If I were the type of person who had her whole life mapped out, I never would have had lunch at Itinéraires last Wednesday.
I never would have left Ohio for Boulder. I never would have passed on offers of admission to graduate school for the chance to keep working in restaurants. If I were less impulsive and more prudent, I never would have moved from Boulder to New York City on little more than a hunch that it would suit me. It did. I never would have worked at Washington Park, never would have met Jonathan and Heather and Melissa and Lynn. I never would have had that ill-advised affair with that waiter who made sure I had a glass of Champagne at the end of every shift, never would have had four fantastic and rocky years with Patrick the bartender. I certainly would never have sat on the sunny white boulders of the Cala Bianca in Sicily or stepped foot on the black beaches of Stromboli. I might have stayed with the lawyer.
I never would have decided to go to Paris for two months and to do it again a year later. It was on that second trip, almost a year ago, that I first ate at Itinéraires. Jonathan (last name Waxman) was in Paris for a few days and we went on a recommendation from Juan Sanchez, the co-owner of Fish, a place that, I can say without exaggerating, saved my life when I was lonely during my first long stay on the Left Bank.
“Barbra,” Jonathan said, “Barbra, this is modern French cooking. This is a modern French restaurant.”
I took note.
And I returned, last week, for lunch with a new friend. We started with an optimistic crème d’asperges blanches; it’s not really spring yet, but it was easy to be fooled by this light-as-air asparagus purée and even lighter milk foam that garnished it. That’s right, I said “foam.” Used judiciously, it works.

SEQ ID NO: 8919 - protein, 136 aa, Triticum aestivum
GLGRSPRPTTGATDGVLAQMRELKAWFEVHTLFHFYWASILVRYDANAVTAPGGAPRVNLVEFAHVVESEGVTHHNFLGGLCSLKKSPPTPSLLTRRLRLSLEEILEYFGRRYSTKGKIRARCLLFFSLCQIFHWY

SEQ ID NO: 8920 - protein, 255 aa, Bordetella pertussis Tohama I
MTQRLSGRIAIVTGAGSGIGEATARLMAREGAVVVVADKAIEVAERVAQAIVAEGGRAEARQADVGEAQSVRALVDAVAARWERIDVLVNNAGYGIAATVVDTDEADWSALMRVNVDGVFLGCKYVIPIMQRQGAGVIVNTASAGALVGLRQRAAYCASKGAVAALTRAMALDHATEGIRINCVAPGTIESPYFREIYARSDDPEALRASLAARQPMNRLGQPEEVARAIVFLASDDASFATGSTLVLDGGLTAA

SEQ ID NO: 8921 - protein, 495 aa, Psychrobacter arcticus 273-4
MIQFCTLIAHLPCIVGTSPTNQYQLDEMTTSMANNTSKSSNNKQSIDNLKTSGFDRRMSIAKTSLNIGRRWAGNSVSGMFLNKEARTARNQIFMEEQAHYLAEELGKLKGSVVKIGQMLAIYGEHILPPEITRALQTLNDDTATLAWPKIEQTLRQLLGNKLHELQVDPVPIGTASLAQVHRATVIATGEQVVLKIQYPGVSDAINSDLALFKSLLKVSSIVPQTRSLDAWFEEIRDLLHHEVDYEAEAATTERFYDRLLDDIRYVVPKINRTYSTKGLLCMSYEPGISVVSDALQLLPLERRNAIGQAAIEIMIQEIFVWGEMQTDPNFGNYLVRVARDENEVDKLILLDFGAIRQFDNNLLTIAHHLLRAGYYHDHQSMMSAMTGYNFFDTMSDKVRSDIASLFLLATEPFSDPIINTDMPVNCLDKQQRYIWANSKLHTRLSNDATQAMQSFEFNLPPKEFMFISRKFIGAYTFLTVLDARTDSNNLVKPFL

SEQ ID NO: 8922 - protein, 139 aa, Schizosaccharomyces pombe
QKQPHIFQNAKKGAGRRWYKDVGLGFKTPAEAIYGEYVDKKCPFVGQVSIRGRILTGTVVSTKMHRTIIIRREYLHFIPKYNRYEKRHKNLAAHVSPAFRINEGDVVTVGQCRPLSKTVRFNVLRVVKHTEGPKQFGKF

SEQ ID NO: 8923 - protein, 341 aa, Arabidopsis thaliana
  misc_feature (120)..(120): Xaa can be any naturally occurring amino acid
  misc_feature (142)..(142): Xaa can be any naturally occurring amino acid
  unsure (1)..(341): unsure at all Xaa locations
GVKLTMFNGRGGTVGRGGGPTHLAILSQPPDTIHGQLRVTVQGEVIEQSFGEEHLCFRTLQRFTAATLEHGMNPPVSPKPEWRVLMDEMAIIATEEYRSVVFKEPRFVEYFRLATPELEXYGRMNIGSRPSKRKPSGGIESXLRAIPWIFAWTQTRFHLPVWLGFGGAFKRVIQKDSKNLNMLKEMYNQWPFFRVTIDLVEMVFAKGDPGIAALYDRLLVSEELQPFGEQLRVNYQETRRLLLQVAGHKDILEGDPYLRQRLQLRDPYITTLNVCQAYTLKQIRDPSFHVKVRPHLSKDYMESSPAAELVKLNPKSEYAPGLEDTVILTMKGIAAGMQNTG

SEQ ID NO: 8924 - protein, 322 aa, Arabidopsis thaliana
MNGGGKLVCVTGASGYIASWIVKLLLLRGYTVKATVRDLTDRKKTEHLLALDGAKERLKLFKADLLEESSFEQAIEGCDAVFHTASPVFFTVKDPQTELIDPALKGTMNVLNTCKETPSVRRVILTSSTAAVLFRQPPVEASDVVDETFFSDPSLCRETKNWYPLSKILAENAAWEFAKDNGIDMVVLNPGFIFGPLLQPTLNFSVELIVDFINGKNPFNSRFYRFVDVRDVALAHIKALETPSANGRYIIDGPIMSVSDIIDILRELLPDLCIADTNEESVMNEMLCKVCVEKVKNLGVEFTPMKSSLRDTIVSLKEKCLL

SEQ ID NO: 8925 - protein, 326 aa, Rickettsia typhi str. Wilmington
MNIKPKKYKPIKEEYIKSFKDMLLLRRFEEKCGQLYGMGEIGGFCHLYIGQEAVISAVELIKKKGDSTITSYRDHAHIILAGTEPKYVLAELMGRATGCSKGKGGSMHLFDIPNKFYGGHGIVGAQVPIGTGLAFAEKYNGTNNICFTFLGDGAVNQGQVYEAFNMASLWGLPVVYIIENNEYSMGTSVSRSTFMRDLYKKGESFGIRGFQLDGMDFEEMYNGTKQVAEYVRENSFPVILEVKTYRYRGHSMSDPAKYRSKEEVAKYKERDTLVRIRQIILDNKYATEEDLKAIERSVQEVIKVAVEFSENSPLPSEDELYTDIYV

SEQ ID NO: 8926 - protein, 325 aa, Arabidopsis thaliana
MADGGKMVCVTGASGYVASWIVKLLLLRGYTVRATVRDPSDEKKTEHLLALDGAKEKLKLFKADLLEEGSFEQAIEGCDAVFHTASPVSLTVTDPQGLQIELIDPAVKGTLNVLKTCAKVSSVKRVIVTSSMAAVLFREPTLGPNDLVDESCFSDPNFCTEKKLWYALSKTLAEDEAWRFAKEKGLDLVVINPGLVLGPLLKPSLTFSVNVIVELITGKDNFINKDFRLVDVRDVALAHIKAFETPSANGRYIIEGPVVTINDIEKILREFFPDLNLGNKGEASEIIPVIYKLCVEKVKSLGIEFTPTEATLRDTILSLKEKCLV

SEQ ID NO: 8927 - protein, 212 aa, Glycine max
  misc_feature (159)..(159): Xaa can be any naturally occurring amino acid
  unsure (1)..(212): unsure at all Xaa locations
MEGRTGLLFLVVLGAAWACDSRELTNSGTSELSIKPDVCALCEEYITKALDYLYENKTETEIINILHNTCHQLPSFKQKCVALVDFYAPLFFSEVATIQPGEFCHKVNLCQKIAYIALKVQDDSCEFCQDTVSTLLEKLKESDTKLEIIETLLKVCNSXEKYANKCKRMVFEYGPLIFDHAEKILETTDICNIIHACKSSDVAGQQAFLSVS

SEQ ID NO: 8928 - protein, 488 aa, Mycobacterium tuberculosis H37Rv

With a higher price tag, a colder atmosphere, and a more formal dress code, this would be fine dining. But who needs the trappings of fine dining when the food is this good?
We diverged on our main courses. My friend stayed in spring with suckling pig and I went back to winter for seared scallops on a celery root puree with strips of carrot and parsnip, and fried leaves of cabbage and kale that resembled sea coral. I am usually dubious of dishes with so much height, but the effect was beautiful and delicious, giving some needed crunch to this otherwise very soft plate of food.
So that was lunch last Wednesday, the result of every decision I’ve made in my adult life in a bowl of soup, a plate of scallops, and a glass of Marsanne with a new and unexpected friend on a mild sunny day in a quiet part of the fifth arrondissiment of Paris.
I couldn’t have planned it better if I had tried.
Restaurant Itinéraires, 5 Rue de Pontoise, Paris 75005, +33 (0)1 46 33 60 11